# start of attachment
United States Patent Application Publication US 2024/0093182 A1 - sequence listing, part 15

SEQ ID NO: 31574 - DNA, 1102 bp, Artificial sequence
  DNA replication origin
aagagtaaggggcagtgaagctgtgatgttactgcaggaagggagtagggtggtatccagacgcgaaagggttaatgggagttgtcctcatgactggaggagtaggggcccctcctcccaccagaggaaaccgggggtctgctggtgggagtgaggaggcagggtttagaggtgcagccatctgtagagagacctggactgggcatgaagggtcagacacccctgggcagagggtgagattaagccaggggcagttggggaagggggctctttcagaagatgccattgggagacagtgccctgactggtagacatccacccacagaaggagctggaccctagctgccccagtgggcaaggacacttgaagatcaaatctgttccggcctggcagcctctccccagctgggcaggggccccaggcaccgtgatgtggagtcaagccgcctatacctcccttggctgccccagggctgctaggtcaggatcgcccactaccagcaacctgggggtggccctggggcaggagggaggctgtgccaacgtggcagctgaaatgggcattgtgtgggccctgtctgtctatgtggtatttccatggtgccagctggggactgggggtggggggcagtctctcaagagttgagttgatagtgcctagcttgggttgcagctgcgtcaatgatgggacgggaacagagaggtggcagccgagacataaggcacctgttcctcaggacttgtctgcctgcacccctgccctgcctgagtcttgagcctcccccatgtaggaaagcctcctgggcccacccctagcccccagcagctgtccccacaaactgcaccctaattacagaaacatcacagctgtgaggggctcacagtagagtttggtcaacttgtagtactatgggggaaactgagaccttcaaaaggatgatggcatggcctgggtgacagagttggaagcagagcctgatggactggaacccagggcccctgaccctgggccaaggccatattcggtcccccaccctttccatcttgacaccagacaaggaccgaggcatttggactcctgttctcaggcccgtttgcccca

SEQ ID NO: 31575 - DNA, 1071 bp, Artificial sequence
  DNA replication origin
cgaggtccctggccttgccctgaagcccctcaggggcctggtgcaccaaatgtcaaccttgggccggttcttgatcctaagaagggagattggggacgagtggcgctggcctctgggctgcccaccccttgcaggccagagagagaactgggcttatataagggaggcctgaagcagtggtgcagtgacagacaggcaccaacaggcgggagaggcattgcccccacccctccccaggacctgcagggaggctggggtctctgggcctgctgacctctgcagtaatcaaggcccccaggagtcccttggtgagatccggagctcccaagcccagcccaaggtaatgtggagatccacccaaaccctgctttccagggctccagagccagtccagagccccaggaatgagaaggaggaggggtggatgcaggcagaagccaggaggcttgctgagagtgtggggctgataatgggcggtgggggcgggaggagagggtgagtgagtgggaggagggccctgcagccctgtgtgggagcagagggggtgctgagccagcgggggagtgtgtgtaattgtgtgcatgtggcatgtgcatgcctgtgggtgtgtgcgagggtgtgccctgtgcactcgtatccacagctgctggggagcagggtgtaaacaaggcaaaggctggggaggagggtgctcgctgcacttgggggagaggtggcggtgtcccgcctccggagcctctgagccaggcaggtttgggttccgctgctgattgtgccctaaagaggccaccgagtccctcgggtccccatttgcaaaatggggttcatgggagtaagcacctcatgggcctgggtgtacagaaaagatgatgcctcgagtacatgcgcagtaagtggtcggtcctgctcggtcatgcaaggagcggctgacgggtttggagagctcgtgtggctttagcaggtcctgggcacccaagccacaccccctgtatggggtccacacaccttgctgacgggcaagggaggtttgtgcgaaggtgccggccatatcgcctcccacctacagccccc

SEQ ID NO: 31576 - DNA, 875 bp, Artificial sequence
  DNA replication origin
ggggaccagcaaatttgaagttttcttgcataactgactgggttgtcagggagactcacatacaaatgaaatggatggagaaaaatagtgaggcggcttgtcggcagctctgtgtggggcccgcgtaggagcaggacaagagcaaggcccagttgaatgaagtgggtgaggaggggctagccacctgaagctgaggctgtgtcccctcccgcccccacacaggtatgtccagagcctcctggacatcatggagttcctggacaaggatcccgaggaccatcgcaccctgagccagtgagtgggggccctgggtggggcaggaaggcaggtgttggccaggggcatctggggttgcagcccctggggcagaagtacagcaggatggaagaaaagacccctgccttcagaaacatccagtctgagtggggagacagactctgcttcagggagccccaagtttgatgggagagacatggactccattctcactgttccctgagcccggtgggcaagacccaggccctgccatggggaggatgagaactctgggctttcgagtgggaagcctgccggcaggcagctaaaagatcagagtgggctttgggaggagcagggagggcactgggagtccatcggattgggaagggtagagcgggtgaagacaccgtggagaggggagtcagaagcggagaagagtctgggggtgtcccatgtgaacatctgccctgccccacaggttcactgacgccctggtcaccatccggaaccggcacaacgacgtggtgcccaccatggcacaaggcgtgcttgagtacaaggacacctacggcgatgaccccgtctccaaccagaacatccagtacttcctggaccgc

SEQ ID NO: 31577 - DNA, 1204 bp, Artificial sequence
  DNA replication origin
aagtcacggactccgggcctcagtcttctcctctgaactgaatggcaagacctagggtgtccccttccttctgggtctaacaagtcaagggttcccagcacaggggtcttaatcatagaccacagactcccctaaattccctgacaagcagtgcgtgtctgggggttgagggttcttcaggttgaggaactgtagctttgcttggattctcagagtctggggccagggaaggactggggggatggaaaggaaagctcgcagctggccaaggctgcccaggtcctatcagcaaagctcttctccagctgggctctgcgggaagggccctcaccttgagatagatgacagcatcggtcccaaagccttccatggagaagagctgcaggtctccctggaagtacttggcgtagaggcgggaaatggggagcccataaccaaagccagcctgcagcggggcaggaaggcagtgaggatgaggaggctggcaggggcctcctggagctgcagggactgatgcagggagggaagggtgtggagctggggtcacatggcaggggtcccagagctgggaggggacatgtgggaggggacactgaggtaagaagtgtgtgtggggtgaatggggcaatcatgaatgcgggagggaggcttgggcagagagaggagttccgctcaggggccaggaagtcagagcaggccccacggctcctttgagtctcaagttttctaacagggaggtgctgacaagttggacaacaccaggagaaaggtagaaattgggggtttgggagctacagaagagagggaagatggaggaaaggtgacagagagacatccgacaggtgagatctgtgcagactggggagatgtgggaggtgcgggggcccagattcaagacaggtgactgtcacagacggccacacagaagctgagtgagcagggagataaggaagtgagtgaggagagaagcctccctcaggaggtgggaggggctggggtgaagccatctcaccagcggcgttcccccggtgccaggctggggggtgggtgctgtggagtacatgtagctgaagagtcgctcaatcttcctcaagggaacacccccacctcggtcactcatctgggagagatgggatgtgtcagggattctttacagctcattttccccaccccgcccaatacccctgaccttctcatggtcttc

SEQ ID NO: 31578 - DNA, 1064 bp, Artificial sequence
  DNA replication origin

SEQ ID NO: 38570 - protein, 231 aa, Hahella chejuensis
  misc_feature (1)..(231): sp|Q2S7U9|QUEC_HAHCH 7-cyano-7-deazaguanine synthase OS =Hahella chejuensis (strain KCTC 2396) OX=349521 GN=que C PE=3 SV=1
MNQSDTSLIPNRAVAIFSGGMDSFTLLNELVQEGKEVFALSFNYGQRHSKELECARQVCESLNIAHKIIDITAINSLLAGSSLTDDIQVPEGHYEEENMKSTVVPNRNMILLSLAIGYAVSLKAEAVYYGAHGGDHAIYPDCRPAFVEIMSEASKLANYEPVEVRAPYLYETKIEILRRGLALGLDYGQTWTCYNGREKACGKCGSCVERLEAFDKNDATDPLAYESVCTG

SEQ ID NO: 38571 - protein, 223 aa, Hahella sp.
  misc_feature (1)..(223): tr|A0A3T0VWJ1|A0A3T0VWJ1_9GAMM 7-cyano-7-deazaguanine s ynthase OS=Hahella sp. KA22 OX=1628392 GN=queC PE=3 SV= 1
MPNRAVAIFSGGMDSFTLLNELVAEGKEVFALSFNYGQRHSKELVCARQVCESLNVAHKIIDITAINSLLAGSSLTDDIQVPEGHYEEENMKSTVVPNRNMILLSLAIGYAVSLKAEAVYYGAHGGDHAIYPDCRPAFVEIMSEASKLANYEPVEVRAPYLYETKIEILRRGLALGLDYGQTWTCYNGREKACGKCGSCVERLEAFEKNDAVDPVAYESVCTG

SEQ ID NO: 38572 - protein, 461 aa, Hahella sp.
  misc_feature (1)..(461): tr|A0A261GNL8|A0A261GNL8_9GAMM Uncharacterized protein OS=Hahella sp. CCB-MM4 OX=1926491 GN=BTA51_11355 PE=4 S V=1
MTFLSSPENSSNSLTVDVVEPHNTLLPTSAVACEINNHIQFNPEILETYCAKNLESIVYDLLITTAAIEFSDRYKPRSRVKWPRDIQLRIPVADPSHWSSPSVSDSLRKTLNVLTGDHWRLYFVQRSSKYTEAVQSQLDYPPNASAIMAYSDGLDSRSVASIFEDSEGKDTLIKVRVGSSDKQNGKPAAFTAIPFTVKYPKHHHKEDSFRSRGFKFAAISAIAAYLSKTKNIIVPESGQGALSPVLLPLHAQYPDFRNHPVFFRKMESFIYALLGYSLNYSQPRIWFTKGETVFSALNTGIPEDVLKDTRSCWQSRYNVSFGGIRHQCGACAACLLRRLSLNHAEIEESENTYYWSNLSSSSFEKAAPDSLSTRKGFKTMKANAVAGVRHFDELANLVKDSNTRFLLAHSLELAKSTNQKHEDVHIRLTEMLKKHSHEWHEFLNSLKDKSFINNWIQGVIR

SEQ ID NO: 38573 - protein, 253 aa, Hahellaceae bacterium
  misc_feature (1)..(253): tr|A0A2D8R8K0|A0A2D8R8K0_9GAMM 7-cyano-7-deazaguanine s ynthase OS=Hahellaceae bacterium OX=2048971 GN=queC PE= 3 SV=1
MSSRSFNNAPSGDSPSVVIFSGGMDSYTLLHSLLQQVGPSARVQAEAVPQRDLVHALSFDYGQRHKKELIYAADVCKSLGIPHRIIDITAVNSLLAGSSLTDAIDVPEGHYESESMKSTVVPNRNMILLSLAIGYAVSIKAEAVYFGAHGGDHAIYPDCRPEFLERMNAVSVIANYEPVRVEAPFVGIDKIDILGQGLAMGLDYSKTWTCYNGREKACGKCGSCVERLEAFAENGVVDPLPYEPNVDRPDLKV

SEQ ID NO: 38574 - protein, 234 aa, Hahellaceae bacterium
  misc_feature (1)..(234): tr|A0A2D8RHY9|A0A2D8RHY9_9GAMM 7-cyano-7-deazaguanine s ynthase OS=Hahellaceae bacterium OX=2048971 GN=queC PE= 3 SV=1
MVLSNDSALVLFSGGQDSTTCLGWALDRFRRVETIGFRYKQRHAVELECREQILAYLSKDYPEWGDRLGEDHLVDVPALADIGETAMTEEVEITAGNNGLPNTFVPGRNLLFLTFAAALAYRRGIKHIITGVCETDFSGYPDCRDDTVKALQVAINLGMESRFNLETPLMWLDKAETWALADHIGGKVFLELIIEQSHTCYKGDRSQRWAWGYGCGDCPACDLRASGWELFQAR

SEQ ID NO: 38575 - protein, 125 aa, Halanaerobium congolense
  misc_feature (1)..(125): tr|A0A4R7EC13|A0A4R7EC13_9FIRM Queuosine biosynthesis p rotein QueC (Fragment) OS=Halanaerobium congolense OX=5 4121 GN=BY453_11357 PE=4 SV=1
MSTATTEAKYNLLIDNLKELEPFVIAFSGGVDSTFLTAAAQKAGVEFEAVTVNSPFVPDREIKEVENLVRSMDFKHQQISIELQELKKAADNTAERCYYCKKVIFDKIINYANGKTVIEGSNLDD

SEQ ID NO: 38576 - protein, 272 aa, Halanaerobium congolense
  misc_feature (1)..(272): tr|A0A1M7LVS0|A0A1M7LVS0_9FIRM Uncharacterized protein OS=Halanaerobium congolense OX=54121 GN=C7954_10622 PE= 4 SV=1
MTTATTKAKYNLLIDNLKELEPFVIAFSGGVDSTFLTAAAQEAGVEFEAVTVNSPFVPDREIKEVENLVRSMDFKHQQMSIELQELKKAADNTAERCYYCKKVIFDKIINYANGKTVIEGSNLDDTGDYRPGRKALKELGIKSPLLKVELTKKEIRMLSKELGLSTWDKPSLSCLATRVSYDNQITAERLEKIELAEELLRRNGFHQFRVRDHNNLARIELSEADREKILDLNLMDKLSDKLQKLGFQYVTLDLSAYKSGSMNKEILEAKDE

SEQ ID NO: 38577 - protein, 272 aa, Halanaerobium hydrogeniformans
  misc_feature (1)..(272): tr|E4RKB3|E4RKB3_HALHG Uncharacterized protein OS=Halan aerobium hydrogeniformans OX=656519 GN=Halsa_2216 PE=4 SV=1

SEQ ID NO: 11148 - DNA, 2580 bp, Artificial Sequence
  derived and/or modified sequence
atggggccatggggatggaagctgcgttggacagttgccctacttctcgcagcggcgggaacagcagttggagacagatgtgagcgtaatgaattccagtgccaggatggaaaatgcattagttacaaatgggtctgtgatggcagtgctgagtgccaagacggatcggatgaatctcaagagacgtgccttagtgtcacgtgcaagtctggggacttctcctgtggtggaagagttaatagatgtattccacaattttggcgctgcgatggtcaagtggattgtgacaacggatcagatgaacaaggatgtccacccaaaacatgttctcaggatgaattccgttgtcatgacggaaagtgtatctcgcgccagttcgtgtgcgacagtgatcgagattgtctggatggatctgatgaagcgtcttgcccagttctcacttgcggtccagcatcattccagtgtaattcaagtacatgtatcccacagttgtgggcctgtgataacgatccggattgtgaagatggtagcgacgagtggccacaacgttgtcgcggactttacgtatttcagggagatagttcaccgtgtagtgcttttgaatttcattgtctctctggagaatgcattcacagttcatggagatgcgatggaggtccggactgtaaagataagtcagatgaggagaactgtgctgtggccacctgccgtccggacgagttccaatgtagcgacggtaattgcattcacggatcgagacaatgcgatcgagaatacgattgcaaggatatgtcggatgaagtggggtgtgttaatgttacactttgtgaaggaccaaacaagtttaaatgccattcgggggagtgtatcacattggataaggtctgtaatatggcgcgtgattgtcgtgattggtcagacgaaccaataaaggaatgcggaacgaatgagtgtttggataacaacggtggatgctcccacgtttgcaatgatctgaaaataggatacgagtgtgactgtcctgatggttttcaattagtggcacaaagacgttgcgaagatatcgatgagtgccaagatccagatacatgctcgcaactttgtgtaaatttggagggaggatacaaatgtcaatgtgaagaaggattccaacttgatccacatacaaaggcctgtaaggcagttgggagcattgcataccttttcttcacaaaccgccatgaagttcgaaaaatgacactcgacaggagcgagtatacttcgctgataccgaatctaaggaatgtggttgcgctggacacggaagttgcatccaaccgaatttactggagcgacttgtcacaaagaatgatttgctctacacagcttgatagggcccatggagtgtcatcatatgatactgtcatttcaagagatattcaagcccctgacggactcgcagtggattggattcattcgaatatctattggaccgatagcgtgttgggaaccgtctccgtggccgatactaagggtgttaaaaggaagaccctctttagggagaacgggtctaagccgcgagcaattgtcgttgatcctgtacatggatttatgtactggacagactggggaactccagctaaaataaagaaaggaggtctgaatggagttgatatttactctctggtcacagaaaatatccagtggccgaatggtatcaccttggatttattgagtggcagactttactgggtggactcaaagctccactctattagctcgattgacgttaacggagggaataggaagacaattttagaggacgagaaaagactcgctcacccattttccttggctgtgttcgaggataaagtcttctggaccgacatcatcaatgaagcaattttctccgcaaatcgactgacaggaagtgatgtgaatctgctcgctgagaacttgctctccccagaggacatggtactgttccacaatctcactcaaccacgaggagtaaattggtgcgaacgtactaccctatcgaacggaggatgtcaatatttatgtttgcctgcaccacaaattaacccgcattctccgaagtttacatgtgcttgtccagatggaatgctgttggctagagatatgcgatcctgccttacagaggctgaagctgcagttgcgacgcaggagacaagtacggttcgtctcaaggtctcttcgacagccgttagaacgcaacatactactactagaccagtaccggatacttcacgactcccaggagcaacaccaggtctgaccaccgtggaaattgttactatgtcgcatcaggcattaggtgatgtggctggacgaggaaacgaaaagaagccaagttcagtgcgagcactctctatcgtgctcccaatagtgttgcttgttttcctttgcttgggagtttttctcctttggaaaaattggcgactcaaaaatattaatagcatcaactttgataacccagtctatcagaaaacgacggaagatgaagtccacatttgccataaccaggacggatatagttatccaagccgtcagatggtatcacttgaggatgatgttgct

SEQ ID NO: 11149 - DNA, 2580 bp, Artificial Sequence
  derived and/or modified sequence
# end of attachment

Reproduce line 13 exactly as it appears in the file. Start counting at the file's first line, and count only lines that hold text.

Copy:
aagtcacggactccgggcctcagtcttctcctctgaactgaatggcaagacctagggtgtccccttccttctgggtctaacaagtcaagggttcccagcacaggggtcttaatcatagaccacagactcccctaaattccctgacaagcagtgcgtgtctgggggttgagggttcttcaggttgaggaactgtagctttgcttggattctcagagtctggggccagggaaggactggggggatggaaaggaaagctcgcagctggccaaggctgcccaggtcctatcagcaaagctcttctccagctgggctctgcgggaagggccctcaccttgagatagatgacagcatcggtcccaaagccttccatggagaagagctgcaggtctccctggaagtacttggcgtagaggcgggaaatggggagcccataaccaaagccagcctgcagcggggcaggaaggcagtgaggatgaggaggctggcaggggcctcctggagctgcagggactgatgcagggagggaagggtgtggagctggggtcacatggcaggggtcccagagctgggaggggacatgtgggaggggacactgaggtaagaagtgtgtgtggggtgaatggggcaatcatgaatgcgggagggaggcttgggcagagagaggagttccgctcaggggccaggaagtcagagcaggccccacggctcctttgagtctcaagttttctaacagggaggtgctgacaagttggacaacaccaggagaaaggtagaaattgggggtttgggagctacagaagagagggaagatggaggaaaggtgacagagagacatccgacaggtgagatctgtgcagactggggagatgtgggaggtgcgggggcccagattcaagacaggtgactgtcacagacggccacacagaagctgagtgagcagggagataaggaagtgagtgaggagagaagcctccctcaggaggtgggaggggctggggtgaagccatctcaccagcggcgttcccccggtgccaggctggggggtgggtgctgtggagtacatgtagctgaagagtcgctcaatcttcctcaagggaacacccccacctcggtcactcatctgggagagatgggatgtgtcagggattctttacagctcattttccccaccccgcccaatacccctgaccttctcatggtcttc